I’m gonna make up for it all at once
Cause that’s, that’s just what I want
I want the full effects
I want to hit it hard
I want to dance in the middle of a gay bar
That’s what I want, there’s nothing wrong, with what I want




Vulnerability comes less in grand soliloquies and more in mustard seeds.

Take “Home By Now,” for instance. The track is big sister to Saves the World’s “Stayaway,” an introspective smattering of “what if’s” over a staggering arrangement. Gavin wonders aloud, “Would we have turned a corner if I had waited? Do I need to lower my expectations? If we kept heading in the same direction, would we be home by now?”  The low buzz of the verse and Gavin’s signature gravel ache like a bruise.  The bridge explodes with half-formed petitions, questions that are much far too simple to answer. Upcoming tracks “Kind of Girl” and “Handle Me” revel in this simplicity.

These tracks give a piece of themselves away, a stillness in the epic sonic storm of the record. The rollercoaster doesn’t end there. “No Idea” burns fantasy into a fire with electric guitar riffs and electronic bridges. The silver-bell melody of “Loose Garment” leaves wounds with Gavin’s whistling falsetto. The strings bring the reverie down to earth, rippling through Gavin’s whisper: “Used to wear my sadness like a choker, yeah it had me by the throat. Tonight I feel I’m draped in it like a loose garment, I just let it flow.” Acceptance bleeds into the album’s closer “Shooting Star,” where Gavin looks up at the sky and wishes on a love that is meant to last.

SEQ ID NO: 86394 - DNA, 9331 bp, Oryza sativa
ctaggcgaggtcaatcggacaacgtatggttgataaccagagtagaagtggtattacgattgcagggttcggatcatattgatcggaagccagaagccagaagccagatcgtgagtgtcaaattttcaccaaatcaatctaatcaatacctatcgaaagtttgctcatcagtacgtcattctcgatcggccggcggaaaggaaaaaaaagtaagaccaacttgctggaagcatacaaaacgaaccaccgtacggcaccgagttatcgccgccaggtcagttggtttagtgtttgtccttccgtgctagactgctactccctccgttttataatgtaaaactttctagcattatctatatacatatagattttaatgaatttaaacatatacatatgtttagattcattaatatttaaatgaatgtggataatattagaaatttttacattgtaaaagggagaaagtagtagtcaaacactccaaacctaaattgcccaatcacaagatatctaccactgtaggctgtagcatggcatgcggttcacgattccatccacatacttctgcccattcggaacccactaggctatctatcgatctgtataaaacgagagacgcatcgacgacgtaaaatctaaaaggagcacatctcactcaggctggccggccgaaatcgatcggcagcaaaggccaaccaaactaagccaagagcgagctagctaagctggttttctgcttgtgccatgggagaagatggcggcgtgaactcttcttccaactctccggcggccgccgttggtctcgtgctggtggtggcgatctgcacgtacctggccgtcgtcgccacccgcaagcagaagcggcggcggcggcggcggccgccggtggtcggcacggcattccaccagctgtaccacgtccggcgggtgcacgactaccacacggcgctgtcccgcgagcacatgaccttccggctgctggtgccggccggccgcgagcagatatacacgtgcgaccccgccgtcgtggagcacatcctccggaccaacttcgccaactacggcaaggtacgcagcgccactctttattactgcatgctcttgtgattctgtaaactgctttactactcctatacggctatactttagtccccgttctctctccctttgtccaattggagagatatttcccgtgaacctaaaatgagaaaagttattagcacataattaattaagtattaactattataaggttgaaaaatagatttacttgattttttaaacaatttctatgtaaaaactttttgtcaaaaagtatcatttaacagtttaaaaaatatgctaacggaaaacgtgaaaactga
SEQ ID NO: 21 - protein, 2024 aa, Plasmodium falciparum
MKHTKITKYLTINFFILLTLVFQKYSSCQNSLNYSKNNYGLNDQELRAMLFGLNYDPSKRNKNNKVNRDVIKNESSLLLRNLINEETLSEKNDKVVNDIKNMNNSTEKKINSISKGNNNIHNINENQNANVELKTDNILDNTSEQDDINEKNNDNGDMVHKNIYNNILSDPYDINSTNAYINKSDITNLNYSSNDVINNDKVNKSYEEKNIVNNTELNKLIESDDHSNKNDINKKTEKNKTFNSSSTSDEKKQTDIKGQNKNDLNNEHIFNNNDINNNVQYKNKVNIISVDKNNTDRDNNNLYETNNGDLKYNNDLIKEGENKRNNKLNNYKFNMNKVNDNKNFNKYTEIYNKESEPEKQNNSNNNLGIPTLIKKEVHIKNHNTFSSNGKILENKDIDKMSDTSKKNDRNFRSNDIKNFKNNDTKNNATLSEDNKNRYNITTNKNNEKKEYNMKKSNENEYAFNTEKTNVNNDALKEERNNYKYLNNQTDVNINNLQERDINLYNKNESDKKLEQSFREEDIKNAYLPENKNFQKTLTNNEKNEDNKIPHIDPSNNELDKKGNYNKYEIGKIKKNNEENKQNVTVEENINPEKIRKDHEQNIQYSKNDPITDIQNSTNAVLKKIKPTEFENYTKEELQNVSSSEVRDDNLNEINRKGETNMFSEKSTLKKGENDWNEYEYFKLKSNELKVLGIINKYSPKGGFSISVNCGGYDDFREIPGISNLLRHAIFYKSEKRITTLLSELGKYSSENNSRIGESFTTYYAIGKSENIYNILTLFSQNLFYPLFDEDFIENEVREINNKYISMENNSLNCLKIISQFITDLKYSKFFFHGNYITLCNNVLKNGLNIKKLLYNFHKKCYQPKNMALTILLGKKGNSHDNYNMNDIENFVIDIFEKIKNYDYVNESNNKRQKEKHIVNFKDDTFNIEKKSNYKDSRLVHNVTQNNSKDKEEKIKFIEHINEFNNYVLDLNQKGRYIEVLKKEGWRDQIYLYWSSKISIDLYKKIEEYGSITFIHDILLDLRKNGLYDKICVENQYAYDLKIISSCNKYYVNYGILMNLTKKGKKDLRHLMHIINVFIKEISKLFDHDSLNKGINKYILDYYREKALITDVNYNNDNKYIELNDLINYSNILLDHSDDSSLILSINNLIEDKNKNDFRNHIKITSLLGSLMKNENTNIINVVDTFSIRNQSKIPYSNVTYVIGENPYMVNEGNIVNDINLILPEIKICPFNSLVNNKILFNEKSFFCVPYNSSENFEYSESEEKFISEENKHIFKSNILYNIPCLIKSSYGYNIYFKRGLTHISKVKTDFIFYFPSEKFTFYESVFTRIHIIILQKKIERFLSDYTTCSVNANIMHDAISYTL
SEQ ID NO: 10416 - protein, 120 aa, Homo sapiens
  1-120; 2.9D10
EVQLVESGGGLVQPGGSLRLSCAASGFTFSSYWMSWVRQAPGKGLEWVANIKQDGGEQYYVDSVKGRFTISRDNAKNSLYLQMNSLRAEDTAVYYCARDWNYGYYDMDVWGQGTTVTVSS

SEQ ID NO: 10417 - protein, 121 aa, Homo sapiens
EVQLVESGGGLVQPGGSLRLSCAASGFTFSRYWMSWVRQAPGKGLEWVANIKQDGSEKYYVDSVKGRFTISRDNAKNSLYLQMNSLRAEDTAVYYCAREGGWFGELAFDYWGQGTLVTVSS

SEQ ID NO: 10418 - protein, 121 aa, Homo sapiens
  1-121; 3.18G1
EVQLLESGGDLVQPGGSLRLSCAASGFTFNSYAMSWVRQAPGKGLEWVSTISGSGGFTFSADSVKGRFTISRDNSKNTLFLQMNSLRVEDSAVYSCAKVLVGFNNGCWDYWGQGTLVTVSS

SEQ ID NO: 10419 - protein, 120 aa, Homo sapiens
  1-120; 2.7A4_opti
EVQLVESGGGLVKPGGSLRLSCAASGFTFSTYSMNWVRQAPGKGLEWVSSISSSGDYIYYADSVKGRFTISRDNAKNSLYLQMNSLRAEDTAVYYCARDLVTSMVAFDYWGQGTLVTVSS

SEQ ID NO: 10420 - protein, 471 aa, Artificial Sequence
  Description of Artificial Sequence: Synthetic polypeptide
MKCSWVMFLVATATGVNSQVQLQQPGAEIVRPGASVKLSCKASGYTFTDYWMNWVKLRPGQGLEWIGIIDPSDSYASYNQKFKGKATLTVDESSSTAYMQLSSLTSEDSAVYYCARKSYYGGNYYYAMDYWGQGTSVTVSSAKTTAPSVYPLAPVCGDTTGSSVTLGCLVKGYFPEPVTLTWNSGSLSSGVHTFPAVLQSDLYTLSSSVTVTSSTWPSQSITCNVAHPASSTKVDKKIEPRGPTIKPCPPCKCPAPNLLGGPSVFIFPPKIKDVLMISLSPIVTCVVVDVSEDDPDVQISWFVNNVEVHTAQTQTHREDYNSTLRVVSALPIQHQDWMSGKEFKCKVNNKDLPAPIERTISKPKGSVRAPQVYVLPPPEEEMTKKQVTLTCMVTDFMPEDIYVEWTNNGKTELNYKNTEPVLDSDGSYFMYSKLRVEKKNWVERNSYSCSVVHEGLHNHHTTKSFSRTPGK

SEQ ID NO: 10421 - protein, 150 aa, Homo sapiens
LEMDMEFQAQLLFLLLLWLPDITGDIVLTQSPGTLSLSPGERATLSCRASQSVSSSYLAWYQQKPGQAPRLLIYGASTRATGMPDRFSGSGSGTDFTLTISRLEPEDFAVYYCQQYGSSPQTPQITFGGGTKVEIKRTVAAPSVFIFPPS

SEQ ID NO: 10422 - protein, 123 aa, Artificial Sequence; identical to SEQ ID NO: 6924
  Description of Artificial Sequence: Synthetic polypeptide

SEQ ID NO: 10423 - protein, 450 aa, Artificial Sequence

MUNA © Isaac Schneider
MUNA © Isaac Schneider



MUNA is a snapshot of the past two years.

With a levity that can only come from putting your roots down, the band returns with what is important to them right now. Taking back the doubts and guilt and trading them for self-assurance and affirmations, a new sound is born from a life that is not better or worse, but different. Atwood Magazine sits down with MUNA to discuss why living life on purpose is important, and why it’s all we have.

It’s just so important to us at this point in our lives to seek joy, to perform joy as a means of attempting to feel it. It’s been powerful for us in our personal lives: We are all people who really do struggle.

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:: stream/purchase MUNA here ::
Muna © Isaac Schneider
MUNA © Isaac Schneider



A CONVERSATION WITH MUNA

MUNA - 'MUNA' Album Art

Atwood Magazine: I want to start off by talking about the main theme of the record. There’s this emphasis on identity - who am I and what do I want? Why this and why now?